Q:  What are some books you enjoyed reading and what made them enjoyable?

 

A: I grew up in the 50s. My family didn’t get a television until I was eight years old. By that time, I was hooked on reading. I also have a B.A. and M.A. in English. So I’ve read literally thousands of books over the years. I like books that are both intellectually stimulating and that also evoke strong emotion. Books I put in that category are: Moby Dick, Crime and Punishment, A Hundred Years of Solitude, Ulysses, The Great Gatsby and many many more.

 

Q:  What are some of your writing influences and how are they evidenced in your book?

 

A: The two major influences were Portrait of the Artist as a Young Man by James Joyce and The Catcher in the Rye by J.D. Salinger.  Portrait is a work of sheer genius showing the growth of Stephen Daedalus from an infant to a young man in his early twenties. Certainly this book is the template for all coming of age stories. The beauty of the language, the complex structure of the book, the knowledge of humanity, the underlying ideas make this an enduring masterpiece, I’ve drown from in many ways but mainly in showing Joey Garden go through the various stages of childhood and how a sensitive young man deals with the perplexities and corrupting influences of human society. What I most admire about Catcher is Salinger’s ability to create a totally believable and indelible boy caught in the throes of adolescence. I hope I matched Salinger’s achievement in a small way in the last section of Joey G., “Just a Game.”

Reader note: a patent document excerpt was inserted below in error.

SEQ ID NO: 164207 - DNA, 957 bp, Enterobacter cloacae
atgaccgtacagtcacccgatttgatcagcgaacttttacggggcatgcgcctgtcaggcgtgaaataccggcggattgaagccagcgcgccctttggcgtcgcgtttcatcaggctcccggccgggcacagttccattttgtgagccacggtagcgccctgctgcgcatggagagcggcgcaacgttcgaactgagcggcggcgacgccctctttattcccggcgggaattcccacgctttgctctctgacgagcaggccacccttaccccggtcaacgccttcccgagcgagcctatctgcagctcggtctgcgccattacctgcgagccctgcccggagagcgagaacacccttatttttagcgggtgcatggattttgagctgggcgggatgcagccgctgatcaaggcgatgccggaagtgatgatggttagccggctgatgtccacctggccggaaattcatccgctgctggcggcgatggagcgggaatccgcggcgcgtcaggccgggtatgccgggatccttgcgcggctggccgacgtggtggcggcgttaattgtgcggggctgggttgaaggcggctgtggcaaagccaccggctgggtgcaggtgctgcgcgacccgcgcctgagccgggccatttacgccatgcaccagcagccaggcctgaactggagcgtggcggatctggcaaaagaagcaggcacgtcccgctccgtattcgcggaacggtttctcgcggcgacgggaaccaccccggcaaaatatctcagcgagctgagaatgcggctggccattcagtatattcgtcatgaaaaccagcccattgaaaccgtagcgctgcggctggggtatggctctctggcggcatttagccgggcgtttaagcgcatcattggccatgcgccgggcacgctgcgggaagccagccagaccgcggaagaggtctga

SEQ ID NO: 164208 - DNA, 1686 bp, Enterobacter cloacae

Q: You were an English Teacher for many years. What was the biggest challenge about working within the California public school system?

 

A: The biggest challenge by far was in deal with the deterioration of the public schools after passage of Proposition 13 in 1978 to the present day. This voter’s initiative froze property taxes on structures built before 1978. As a result, California went from being third in the country for per pupil spending to forty-third. Colleges became far more expensive and out of reach for poorer students. Facilities fell into disrepair; salaries stagnated. The people of California basically abandoned their young people by passing this devastating and short-sighted bill. It was heart breaking.

 

Q: What was your most memorable work story?

 

A: By far, it was the establishment of Rooftop School, a San Francisco public elementary school, with six other teachers in 1972. Rooftop celebrated its fortieth anniversary in 2012. A very popular, highly sought after program, the school has maintained high academic standards, creative teaching methods, and a family atmosphere to provide thousands of students with great memories and a top rate education.

 

Q:  What literary character do you think Joey would admire and why?

 

A: Hamlet, as shown in the book. Joey identifies with the Hamlet’s procrastination in achieving his goals which is similar to his own emotional paralysis. He also admires Hamlet’s complex mind and philosophical ruminations.

Please note; Eliza’s interviews are done by email. All answers are unedited and come right from the lovely fingertips of her subjects.